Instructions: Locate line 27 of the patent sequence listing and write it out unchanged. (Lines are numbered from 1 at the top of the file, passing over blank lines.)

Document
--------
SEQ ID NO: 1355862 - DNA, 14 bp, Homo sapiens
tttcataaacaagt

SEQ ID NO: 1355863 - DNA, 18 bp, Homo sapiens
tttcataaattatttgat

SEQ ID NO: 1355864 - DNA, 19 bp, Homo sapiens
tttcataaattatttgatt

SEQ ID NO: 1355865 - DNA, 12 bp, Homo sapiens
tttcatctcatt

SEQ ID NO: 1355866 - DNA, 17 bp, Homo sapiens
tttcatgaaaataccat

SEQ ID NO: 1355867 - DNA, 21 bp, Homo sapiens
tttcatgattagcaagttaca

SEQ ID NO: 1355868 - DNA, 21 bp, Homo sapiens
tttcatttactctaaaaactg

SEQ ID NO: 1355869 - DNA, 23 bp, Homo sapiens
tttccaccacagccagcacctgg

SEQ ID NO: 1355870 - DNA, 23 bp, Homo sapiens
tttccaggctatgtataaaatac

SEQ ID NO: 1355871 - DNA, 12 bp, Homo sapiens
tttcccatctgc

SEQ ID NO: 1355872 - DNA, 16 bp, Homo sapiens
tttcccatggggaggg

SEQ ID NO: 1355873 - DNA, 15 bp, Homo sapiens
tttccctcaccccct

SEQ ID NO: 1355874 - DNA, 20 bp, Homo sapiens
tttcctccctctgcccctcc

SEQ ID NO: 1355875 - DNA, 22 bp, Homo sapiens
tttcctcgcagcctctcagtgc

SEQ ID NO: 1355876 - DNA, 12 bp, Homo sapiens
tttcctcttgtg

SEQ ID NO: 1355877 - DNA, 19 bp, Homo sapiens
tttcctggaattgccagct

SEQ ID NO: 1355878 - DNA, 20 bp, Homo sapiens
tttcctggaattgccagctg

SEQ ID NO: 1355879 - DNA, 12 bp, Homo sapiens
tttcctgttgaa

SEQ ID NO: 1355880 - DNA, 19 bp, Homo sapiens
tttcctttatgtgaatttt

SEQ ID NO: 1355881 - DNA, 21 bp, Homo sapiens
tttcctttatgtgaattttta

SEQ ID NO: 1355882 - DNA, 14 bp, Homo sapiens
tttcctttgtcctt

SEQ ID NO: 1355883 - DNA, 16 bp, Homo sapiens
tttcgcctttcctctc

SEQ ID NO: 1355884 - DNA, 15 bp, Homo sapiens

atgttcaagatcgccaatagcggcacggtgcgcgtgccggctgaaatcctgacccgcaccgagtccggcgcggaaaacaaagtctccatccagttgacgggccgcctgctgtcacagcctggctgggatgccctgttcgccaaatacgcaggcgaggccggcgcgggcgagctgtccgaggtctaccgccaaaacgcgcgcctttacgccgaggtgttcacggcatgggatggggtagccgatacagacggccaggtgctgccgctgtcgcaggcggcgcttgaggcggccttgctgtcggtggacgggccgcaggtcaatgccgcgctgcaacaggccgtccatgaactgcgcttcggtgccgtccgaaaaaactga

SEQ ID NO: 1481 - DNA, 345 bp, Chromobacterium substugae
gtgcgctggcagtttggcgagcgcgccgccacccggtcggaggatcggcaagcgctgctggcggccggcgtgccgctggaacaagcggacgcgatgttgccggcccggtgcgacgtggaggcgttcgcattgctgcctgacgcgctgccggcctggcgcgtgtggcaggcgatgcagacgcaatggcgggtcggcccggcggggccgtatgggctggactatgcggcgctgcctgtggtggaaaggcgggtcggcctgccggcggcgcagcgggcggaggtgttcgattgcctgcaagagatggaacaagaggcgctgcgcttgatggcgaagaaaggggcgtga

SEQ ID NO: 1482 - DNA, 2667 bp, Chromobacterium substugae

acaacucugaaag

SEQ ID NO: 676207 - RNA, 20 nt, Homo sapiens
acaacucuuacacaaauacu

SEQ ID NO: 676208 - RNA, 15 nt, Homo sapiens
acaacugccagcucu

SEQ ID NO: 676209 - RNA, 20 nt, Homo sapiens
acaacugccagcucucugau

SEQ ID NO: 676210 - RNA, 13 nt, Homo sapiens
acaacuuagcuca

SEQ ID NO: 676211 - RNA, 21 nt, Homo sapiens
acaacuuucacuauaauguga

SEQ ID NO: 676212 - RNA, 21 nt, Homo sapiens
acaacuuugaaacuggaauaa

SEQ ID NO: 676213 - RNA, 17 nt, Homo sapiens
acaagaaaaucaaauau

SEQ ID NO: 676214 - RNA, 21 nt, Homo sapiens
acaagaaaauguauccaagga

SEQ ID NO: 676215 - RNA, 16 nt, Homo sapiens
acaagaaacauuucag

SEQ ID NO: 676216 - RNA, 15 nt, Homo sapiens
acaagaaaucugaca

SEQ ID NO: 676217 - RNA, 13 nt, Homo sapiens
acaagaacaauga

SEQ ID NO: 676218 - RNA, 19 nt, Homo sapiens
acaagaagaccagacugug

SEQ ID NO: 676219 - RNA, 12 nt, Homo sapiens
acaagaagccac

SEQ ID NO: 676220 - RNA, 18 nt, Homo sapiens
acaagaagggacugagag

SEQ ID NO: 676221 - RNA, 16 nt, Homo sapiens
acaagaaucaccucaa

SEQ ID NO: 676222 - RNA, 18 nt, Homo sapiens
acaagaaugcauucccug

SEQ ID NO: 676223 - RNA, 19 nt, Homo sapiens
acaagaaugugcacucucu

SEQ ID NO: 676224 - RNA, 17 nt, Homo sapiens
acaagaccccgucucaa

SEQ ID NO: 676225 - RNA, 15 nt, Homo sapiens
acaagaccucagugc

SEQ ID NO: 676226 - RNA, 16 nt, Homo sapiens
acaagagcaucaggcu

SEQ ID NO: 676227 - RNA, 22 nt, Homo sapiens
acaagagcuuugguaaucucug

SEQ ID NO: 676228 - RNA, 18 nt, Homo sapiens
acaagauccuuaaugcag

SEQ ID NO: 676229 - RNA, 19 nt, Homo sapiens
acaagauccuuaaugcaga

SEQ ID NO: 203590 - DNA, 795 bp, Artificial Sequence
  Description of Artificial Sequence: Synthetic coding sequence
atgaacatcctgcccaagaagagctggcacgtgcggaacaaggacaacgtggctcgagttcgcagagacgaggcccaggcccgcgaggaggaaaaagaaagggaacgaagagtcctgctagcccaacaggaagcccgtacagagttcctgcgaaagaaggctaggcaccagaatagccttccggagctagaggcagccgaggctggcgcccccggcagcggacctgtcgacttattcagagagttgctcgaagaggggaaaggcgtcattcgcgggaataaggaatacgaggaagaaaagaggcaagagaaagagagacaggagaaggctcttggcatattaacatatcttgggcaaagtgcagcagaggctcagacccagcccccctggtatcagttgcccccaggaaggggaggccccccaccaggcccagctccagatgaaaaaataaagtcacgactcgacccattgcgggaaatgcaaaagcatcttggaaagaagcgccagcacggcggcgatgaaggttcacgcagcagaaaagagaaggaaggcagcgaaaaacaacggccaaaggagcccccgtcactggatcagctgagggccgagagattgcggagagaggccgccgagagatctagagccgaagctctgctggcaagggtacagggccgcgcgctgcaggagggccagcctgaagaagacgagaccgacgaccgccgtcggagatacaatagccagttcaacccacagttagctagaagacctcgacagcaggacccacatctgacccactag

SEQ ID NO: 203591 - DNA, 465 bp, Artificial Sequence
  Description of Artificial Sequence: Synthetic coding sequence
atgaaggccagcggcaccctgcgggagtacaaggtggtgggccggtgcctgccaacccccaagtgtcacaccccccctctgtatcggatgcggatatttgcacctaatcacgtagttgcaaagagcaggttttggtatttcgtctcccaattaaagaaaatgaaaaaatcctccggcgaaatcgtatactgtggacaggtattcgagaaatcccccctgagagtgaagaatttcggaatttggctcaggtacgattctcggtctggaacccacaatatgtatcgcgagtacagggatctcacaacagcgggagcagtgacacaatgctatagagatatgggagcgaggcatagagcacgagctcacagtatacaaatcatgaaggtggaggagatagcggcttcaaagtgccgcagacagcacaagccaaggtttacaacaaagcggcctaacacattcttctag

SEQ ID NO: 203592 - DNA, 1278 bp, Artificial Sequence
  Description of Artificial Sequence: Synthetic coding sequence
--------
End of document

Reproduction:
SEQ ID NO: 1355875 - DNA, 22 bp, Homo sapiens